Research shows that leisure reading is the best predictor of comprehension, vocabulary, and reading speed.  Regardless of ethnicity, socioeconomic level, or previous achievement, children who read four or more books over the summer perform better on reading-comprehension tests in the fall than their peers who read one or no books over the summer. Academic losses over the summer months are cumulative, creating a wider gap each year between more proficient and less proficient students.

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Topics: Help with learning, Inspiring the Best in Kids

Climate Change: Another Chance to Lead by Example

Posted by Wade Tomlinson on May 10, 2016

It seems we are always trying to find a balance between what we want to remain the same and what we want to change. On one hand there are traditions, habits, and rituals and on the other there are research, knowledge and data that  encourages us to modify our habits. I am writing today to talk about climate change and our thinking about changing our habits for the betterment of our world and our children who will inherit the planet.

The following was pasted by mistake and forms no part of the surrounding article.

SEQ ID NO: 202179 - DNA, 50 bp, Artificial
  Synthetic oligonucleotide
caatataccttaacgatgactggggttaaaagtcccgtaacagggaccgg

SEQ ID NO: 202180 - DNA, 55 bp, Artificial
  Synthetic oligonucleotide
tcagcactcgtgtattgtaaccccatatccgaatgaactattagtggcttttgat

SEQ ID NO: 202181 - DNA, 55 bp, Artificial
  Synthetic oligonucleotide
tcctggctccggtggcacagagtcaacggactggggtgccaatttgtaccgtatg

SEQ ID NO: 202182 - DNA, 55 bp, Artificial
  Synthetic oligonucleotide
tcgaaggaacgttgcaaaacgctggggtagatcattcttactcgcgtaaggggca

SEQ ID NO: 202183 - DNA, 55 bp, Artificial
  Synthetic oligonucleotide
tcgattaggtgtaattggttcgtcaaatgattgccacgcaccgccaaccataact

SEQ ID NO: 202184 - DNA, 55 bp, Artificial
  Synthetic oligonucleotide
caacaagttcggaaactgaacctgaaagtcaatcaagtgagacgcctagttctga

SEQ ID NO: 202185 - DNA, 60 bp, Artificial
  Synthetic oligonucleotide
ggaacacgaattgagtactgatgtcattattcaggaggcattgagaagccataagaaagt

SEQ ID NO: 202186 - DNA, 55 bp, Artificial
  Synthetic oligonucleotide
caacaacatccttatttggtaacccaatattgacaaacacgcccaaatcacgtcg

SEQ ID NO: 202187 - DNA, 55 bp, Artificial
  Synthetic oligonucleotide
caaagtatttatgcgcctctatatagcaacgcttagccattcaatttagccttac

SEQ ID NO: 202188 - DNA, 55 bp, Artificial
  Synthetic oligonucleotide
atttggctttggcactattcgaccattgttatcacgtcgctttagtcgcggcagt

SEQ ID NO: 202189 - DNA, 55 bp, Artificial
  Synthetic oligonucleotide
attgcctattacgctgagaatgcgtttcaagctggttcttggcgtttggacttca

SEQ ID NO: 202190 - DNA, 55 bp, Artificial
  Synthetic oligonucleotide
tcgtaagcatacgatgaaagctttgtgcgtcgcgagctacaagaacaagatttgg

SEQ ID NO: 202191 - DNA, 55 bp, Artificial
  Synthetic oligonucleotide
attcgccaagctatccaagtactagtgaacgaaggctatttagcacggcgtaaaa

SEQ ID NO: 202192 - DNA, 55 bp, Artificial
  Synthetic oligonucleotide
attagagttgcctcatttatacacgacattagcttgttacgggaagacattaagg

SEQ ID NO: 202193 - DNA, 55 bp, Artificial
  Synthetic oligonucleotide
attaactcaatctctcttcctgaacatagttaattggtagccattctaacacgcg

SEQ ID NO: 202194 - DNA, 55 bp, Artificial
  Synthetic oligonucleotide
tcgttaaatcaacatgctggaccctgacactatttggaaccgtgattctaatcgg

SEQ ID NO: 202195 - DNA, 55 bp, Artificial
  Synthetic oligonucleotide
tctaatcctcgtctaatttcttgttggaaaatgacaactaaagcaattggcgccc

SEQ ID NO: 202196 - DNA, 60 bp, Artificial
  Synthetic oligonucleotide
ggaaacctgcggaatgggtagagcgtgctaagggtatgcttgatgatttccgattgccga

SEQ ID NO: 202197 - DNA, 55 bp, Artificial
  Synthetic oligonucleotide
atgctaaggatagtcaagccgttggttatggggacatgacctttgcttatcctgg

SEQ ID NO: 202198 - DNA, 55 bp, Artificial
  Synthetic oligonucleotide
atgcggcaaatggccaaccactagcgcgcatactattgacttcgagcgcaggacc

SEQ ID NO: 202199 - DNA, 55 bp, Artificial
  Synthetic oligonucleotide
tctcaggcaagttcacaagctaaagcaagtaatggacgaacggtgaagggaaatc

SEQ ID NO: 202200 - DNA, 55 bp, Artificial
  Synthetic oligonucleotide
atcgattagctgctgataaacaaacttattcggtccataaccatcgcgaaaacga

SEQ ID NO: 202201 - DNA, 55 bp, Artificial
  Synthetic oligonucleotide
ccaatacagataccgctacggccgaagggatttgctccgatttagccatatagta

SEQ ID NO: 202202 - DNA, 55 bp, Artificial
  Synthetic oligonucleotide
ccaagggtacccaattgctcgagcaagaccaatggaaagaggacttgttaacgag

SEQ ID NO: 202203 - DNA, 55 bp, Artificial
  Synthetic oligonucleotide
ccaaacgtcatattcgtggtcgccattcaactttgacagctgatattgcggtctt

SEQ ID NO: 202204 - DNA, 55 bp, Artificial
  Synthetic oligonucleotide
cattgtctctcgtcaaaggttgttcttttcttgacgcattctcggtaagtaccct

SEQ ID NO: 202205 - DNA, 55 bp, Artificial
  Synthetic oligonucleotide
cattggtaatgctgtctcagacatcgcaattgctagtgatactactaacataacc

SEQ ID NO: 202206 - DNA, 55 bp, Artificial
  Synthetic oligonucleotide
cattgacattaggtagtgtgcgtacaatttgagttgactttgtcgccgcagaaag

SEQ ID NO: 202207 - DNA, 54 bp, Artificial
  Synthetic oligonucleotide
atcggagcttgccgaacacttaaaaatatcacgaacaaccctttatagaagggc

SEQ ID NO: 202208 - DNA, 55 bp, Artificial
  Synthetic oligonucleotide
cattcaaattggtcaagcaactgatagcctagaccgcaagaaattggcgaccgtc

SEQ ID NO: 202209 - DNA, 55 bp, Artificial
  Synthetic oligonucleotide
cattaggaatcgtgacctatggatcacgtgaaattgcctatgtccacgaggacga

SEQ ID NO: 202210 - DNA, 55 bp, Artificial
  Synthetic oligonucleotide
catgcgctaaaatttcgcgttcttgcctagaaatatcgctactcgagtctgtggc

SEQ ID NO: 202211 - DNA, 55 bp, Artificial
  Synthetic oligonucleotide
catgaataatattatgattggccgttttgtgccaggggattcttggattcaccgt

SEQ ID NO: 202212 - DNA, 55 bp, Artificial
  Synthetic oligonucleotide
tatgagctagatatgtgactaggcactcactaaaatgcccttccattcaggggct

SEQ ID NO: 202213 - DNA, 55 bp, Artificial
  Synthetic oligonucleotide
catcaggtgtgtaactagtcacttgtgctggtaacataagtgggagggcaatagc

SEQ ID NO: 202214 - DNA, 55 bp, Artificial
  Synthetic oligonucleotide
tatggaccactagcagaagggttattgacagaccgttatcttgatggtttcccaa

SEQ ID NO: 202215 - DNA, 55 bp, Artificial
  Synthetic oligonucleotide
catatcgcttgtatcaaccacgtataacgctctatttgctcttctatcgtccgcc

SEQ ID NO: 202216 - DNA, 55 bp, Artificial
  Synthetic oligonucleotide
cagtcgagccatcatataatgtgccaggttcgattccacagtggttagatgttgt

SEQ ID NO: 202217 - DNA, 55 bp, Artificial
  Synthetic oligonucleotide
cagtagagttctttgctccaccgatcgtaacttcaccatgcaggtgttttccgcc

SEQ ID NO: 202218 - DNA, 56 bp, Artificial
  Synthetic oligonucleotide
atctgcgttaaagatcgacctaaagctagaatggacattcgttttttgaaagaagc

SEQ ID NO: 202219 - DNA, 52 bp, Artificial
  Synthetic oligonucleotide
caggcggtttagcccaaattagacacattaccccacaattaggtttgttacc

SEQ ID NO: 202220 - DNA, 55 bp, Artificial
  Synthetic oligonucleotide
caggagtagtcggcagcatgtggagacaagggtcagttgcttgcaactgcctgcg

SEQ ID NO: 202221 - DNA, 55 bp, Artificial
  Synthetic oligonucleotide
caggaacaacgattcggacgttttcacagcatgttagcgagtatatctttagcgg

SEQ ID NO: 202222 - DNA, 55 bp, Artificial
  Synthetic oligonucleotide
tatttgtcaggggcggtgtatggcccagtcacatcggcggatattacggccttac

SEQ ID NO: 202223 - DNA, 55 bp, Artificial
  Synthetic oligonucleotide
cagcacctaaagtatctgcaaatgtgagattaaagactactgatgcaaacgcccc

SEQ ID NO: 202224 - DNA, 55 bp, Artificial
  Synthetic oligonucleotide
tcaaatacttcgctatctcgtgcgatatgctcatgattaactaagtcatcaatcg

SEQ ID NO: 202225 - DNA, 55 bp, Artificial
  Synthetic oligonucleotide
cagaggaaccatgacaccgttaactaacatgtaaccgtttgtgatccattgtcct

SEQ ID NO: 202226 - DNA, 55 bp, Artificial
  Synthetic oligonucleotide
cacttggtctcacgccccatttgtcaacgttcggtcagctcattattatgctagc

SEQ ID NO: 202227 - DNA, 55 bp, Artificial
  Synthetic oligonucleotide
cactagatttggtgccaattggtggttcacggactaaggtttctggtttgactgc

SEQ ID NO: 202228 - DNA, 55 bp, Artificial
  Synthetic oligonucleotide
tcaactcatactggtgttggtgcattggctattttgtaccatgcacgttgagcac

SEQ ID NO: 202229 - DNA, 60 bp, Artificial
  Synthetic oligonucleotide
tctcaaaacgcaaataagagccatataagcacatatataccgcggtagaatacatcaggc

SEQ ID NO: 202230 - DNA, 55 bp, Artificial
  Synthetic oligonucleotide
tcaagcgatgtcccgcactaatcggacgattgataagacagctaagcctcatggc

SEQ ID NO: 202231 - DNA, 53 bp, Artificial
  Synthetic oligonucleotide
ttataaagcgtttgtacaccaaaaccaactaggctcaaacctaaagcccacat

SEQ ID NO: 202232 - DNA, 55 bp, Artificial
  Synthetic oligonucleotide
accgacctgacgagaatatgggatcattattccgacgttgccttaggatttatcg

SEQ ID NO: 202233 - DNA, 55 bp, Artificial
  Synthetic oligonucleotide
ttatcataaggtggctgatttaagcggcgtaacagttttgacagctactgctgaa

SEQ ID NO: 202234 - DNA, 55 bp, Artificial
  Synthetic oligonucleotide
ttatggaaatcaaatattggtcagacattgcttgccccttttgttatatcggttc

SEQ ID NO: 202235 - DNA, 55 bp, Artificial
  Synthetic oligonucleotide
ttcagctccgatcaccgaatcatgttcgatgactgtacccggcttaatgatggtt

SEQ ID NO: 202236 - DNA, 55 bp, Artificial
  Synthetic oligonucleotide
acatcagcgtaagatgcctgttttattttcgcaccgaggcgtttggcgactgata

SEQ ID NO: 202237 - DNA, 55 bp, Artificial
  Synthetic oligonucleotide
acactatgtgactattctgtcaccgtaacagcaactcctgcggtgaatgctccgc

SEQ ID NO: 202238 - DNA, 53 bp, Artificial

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Topics: Inspiring the Best in Kids

Problem Solving for Parents

Posted by Kristin Trueblood on March 10, 2016

As parents, we are quick to see the problems in our day-to-day life and even quicker to articulate a solution or how something should be done. And yet, when we point out the problem and the solution all in one breath, we are getting in the way of our children developing the skill of identifying problems. To find solutions, one first has to recognize there is a problem. We want our children to be problem identifiers and problem solvers.

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Topics: Communication and Children, Inspiring the Best in Kids

Teenagers: They are Hardier Than We Think

Posted by Linda Rosenberg McGuire on February 23, 2016